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Thank You and Okay: An American Zen Failure in Japan Paperback – August 1, 1994

3.9 out of 5 stars 19 ratings

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Editorial Reviews

From Publishers Weekly

Hats off to newcomer Chadwick for his engaging account of a nearly four-year stay in a rural Buddhist temple and subsequent adventures in Japan. A stickler for detail, he jots down minutiae as he tries to make sense out of the mix of tradition and change--such as the ancient temple altar where 500-year-old scrolls sit next to a large matchbox bearing a picture of a grinning, winking Japanese man and the English advertising slogan "THANK YOU AND OK!" Chadwick, who studied Zen for more than 20 years to little avail before heading to Japan, tends to lean over backward to stare at his belly button, but his writer's skill is evident in everything from skin crawling descriptions of mukade (dreaded scorpion-like insects) to a benevolent look at takuhatsu , formal monks' begging. Several chapters are rib-tickling Abbott and Costello-type routines with Chadwick as straight man. None is finer than Chadwick's day at the Driver's License Test Building--a remarkable commentary on human endurance, the unflagging courtesy of bureaucrats in the face of "what cannot be helped," and sheer lunacy as when the bureaucrat asks about the written test he had taken in California " 'And what language was the test administered in, Japanese or English?' " The book is long and the confusing interweaving of Chadwick's stay at the temple Hogoji with accounts of life in the Japanese 'burbs is unnecessary. But whenever the reader begins to think about putting the book down, the writing picks up and one is hooked again.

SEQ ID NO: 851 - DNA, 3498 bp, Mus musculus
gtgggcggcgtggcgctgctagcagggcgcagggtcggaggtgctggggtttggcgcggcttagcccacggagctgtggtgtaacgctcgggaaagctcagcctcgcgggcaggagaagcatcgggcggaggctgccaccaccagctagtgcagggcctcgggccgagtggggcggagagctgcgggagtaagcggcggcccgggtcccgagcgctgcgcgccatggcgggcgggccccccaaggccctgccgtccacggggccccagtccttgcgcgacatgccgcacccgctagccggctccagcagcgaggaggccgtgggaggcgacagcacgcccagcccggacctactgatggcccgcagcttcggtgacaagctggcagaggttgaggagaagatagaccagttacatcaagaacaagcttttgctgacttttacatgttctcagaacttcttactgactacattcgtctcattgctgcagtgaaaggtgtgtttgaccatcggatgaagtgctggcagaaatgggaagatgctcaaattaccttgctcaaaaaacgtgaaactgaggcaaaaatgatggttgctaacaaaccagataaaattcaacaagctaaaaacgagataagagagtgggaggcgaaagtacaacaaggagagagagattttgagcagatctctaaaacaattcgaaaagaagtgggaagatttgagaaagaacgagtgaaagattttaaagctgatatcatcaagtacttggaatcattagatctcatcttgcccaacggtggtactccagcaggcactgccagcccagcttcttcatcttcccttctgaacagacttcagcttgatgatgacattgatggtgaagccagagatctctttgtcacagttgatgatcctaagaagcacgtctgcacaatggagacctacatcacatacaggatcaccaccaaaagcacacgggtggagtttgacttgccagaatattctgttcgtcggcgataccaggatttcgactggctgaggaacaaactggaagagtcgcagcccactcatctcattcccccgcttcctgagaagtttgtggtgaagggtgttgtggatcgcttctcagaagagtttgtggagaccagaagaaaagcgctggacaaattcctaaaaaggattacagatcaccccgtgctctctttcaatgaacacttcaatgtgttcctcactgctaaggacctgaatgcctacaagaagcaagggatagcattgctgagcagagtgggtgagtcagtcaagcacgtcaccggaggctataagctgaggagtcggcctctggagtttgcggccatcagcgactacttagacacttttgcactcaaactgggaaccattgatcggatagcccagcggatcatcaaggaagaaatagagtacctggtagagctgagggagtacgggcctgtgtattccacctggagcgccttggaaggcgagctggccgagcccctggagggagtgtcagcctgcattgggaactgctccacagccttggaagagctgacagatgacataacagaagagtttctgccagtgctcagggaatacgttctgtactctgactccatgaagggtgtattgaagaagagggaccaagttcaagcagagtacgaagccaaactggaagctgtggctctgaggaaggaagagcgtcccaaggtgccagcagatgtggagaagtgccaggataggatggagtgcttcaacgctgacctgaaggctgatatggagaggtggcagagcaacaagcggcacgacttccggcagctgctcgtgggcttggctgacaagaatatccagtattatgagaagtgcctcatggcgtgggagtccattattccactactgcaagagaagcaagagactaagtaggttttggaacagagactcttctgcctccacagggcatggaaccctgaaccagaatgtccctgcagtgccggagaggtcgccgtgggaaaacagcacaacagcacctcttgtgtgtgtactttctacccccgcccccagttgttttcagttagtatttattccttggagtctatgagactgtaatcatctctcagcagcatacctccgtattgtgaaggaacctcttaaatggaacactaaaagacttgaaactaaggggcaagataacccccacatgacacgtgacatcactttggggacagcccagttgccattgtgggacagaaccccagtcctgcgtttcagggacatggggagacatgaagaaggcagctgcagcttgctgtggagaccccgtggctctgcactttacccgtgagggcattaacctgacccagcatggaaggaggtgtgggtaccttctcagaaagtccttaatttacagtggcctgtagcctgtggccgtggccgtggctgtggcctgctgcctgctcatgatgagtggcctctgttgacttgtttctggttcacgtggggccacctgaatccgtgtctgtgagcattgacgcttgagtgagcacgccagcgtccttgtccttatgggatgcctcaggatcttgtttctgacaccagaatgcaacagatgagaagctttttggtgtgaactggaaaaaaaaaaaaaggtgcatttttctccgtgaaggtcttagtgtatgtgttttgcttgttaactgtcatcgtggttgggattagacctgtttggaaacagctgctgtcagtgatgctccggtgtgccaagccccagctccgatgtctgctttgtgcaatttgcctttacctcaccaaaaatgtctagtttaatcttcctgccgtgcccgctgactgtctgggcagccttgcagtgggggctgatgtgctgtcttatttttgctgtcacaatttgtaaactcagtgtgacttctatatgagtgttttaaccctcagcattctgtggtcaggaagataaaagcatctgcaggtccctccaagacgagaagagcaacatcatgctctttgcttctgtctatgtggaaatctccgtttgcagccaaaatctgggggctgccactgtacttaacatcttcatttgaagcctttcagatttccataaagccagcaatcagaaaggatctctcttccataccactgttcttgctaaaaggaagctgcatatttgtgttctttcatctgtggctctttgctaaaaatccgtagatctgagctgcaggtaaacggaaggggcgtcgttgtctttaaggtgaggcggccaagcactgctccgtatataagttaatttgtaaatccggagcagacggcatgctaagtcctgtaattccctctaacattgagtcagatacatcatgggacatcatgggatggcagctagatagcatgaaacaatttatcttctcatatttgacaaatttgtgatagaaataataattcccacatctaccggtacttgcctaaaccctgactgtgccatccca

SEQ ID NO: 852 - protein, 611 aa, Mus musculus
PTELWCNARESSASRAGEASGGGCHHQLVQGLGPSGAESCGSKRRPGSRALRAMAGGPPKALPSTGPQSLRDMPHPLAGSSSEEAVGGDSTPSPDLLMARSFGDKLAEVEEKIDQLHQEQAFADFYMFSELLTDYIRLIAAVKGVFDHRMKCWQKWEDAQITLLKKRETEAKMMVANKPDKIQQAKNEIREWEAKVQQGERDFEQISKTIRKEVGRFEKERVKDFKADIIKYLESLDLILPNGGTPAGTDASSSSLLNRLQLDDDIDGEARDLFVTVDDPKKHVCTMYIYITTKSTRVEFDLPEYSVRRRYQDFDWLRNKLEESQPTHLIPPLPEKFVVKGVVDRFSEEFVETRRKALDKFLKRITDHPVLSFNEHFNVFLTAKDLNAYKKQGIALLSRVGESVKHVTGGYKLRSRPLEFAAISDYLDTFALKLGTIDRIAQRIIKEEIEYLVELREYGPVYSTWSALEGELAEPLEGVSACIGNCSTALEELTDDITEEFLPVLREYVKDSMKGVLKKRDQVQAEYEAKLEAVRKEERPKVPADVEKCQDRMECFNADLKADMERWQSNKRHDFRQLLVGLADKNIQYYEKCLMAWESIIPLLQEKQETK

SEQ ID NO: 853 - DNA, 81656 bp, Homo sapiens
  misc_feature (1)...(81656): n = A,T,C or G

Copyright 1994 Reed Business Information, Inc.

From Library Journal

Of the many books concerning a Westerner's perplexing yet revealing exploits in Japan, i.e., Oliver Statler's Japanese Pilgrimage (Morrow, 1983) and David Mura's Turning Japanese (Atlantic Monthly, 1991), Chadwick's book is not particularly better or worse. It tells of the author's four years in Japan and his attempts to further his studies in Zen Buddhism, a field in which he had been deemed a failure by previous teachers. The author's experiences are written down with good humor and keen observations, and the book moves all over the cultural map of Japan. This book is not a serious examination of Zen Buddhist practices nor a major study of East-West relations but a rollicking, anecdotal mishmash of incidents about the foibles of monks, abbots, "housewives," and fellow students of the author's. Read with this understanding, this book is good entertainment. Recommended for public libraries.
Glenn Masuchika, Chaminade Univ. Lib., Honolulu
Copyright 1994 Reed Business Information, Inc.

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3.9 out of 5 stars
3.9 out of 5
19 customer ratings
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Reviewed in the United States on September 19, 2013
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Reviewed in the United States on July 17, 2008
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felicitas
2.0 out of 5 stars Feel Cheated!
Reviewed in the United Kingdom on June 19, 2011
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Julian Holdsworth
5.0 out of 5 stars Five Stars
Reviewed in the United Kingdom on February 24, 2018
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